SBIR Phase I: 3D X-ray Imager
National Science Foundation
Agency Tracking Number:
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Small Business Information
3916 Sepulveda Blvd. #108, Culver City, CA, -
Socially and Economically Disadvantaged:
AbstractThis Small Business Innovation Research (SBIR) Phase I project aims to develop a novel 3-D X-ray imager that will allow potential users to directly obtain 3D images with a single X-ray exposure. Computer Tomography (CT) permits capturing a 3D image of an object however, it requires bulky and expensive mechanical parts to produce a series of 2D X-ray images taken around a single axis of rotation. The proposed imager will overcome these limitations so that 3D X-ray imaging can become as portable and widespread as 2D. The expertise in design of monolithic X-ray imagers that combines high-speed precision electronics for signal processing will be employed. This design will use bulk silicon as a direct photon-to-electron X-ray detector to sense backscattered X-rays. The use of time of flight measurement, 56 ranging bins will ensure high depth resolution. A novel gating feature will permit further increase in resolution and detuning the image of the objects that obscure the target areas. During Phase I a circuit design and in silico validation of the 3D X-ray imager will be provided. During Phase II a monolithic prototype will be designed, fabricated using a commercial silicon technology and tested resulting in a full commercial product. The broader impact/commercial potential of this project includes the ability to manufacture the 3D X-ray imager on 200mm standard CMOS wafers as a wafer scale chip including the X-ray detector array based on direct X-ray photon to electron conversion. The proposed 3D X-ray imager allows for a revolutionary breakthrough in the construction of CT scanners for medical applications, improvised explosive devices (IED) detection for military, luggage and cargo screening equipment. In order to make CT equipment compact, the proposed 3D X-ray imager eliminates mechanical parts. According to industry estimates, the global X-ray imaging sensor market is expected to grow from $700 million or 19,000 units in 2008 to $7.2 billion or 212,000 units in 2012. This new technology will make handheld CT scanning inexpensive. Medical personnel will be able to quickly assess injuries even when they are not close to a standard CT machine as may happen in a remote area, on the battlefield, and at the scene of a natural disaster or terrorist attack. It is expected to sell this device to CT scanner producers, IED detection device manufacturers, and airport luggage and cargo screening equipment manufacturers to replace currently used 2D imagers.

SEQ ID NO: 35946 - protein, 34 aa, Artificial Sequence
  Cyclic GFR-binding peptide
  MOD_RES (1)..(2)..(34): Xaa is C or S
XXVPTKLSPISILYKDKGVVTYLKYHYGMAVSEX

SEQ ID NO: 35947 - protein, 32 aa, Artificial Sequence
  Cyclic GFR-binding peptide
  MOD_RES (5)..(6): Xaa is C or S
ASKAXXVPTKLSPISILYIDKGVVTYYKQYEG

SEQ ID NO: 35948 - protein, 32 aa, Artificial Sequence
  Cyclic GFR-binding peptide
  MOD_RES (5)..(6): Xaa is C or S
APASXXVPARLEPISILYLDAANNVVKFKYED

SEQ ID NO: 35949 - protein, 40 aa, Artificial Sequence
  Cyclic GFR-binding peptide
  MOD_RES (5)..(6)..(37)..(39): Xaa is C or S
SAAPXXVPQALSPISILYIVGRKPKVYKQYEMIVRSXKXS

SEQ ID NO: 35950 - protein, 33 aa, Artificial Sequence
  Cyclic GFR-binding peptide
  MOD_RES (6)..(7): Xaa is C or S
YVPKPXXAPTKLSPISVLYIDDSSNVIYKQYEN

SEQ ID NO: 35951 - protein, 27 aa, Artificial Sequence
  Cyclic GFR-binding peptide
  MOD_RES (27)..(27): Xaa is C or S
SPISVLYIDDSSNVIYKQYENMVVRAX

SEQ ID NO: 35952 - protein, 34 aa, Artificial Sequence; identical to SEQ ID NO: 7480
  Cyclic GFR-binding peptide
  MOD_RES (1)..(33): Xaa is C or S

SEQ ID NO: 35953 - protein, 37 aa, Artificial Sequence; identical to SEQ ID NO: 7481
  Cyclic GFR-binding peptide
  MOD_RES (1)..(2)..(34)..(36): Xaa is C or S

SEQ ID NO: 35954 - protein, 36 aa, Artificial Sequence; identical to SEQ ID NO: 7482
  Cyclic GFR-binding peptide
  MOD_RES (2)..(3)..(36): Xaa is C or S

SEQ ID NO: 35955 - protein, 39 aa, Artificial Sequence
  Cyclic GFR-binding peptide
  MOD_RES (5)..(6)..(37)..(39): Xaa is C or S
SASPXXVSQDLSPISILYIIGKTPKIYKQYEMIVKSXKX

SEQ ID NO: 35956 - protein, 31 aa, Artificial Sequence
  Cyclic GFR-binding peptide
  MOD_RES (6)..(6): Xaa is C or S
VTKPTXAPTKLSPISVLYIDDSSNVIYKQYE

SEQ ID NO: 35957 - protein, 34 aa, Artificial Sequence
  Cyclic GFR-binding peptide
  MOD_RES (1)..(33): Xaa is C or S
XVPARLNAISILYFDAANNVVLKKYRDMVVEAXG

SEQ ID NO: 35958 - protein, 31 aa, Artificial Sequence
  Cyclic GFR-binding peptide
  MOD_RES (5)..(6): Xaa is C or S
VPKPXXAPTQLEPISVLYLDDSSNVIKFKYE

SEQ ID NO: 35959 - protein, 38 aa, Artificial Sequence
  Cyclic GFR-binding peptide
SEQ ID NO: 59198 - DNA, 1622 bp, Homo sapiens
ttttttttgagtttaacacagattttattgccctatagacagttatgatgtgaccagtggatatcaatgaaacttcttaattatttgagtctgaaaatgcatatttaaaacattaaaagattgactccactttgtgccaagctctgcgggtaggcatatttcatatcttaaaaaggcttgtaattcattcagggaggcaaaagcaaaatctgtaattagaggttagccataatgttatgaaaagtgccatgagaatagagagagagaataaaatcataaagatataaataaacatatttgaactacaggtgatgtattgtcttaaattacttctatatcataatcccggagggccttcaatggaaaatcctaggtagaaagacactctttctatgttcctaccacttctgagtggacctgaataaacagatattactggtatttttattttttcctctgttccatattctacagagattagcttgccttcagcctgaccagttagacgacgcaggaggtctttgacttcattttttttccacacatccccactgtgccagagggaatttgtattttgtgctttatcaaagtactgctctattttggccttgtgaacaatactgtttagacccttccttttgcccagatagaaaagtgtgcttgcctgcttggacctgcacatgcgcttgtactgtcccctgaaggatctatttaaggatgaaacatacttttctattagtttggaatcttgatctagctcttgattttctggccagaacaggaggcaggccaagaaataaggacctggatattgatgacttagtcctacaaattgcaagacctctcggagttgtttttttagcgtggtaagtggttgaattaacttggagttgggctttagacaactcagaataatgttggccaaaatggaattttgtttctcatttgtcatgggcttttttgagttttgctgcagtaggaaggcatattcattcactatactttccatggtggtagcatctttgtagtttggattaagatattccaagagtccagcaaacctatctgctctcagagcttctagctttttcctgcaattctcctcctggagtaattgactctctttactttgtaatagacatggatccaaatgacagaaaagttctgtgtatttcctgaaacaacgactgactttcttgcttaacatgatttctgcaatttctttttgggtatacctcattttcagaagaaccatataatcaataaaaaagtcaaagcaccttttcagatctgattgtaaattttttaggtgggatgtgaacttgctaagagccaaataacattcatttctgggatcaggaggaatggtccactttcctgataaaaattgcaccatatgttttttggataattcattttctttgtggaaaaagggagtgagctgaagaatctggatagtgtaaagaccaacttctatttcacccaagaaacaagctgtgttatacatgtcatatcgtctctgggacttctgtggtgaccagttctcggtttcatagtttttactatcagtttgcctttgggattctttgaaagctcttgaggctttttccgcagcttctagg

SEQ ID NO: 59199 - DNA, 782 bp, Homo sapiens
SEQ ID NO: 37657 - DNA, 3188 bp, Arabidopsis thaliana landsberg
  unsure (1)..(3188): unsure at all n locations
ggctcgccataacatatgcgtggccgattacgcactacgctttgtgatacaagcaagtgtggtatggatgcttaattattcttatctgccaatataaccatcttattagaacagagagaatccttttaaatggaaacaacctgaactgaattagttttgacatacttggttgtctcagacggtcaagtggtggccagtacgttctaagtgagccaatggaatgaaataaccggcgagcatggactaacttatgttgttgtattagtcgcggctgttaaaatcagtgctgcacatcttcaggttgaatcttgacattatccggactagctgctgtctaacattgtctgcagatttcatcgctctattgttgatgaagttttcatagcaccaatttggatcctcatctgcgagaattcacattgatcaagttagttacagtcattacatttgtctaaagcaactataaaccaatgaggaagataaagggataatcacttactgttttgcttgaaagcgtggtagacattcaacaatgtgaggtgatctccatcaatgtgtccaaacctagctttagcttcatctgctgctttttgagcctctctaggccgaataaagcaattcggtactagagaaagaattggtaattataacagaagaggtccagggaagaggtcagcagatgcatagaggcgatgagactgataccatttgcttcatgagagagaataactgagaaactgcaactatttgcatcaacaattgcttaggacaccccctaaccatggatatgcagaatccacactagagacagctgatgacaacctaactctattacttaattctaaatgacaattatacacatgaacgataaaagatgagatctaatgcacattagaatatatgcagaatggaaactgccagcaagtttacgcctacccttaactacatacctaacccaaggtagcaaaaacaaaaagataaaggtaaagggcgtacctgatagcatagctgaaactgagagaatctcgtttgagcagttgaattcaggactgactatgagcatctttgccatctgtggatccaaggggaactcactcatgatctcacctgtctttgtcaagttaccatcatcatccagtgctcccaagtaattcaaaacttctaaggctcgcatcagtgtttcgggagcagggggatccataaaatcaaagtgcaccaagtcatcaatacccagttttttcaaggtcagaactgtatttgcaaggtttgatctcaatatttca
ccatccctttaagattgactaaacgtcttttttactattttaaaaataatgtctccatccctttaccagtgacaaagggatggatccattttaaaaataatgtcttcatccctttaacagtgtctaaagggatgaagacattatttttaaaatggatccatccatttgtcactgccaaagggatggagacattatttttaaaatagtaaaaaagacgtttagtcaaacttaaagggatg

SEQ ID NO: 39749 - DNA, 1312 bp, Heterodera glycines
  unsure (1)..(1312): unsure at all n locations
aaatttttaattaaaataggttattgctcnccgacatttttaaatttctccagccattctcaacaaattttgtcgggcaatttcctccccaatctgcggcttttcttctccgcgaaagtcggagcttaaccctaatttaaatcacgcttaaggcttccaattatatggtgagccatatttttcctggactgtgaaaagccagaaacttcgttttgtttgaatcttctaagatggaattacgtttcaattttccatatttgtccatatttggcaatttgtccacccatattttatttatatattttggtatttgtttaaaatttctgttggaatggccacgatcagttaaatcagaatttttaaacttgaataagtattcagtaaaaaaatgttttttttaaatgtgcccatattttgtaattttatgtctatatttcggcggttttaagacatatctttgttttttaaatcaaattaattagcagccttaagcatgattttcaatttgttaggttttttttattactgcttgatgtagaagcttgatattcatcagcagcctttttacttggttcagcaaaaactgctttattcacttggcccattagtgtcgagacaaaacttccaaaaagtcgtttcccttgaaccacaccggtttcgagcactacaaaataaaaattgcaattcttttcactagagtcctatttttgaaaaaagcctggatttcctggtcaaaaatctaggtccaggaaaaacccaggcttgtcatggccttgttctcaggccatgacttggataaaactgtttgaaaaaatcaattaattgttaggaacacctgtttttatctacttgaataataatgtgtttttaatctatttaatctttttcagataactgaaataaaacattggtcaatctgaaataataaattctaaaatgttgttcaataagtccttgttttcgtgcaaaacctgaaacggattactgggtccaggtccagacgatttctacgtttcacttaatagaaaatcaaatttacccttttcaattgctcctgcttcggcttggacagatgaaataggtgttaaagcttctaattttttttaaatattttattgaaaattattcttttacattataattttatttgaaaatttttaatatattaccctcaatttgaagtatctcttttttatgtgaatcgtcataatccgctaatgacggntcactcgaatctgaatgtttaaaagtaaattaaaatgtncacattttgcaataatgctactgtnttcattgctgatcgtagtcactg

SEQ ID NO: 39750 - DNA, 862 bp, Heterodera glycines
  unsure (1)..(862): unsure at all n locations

* information listed above is at the time of submission.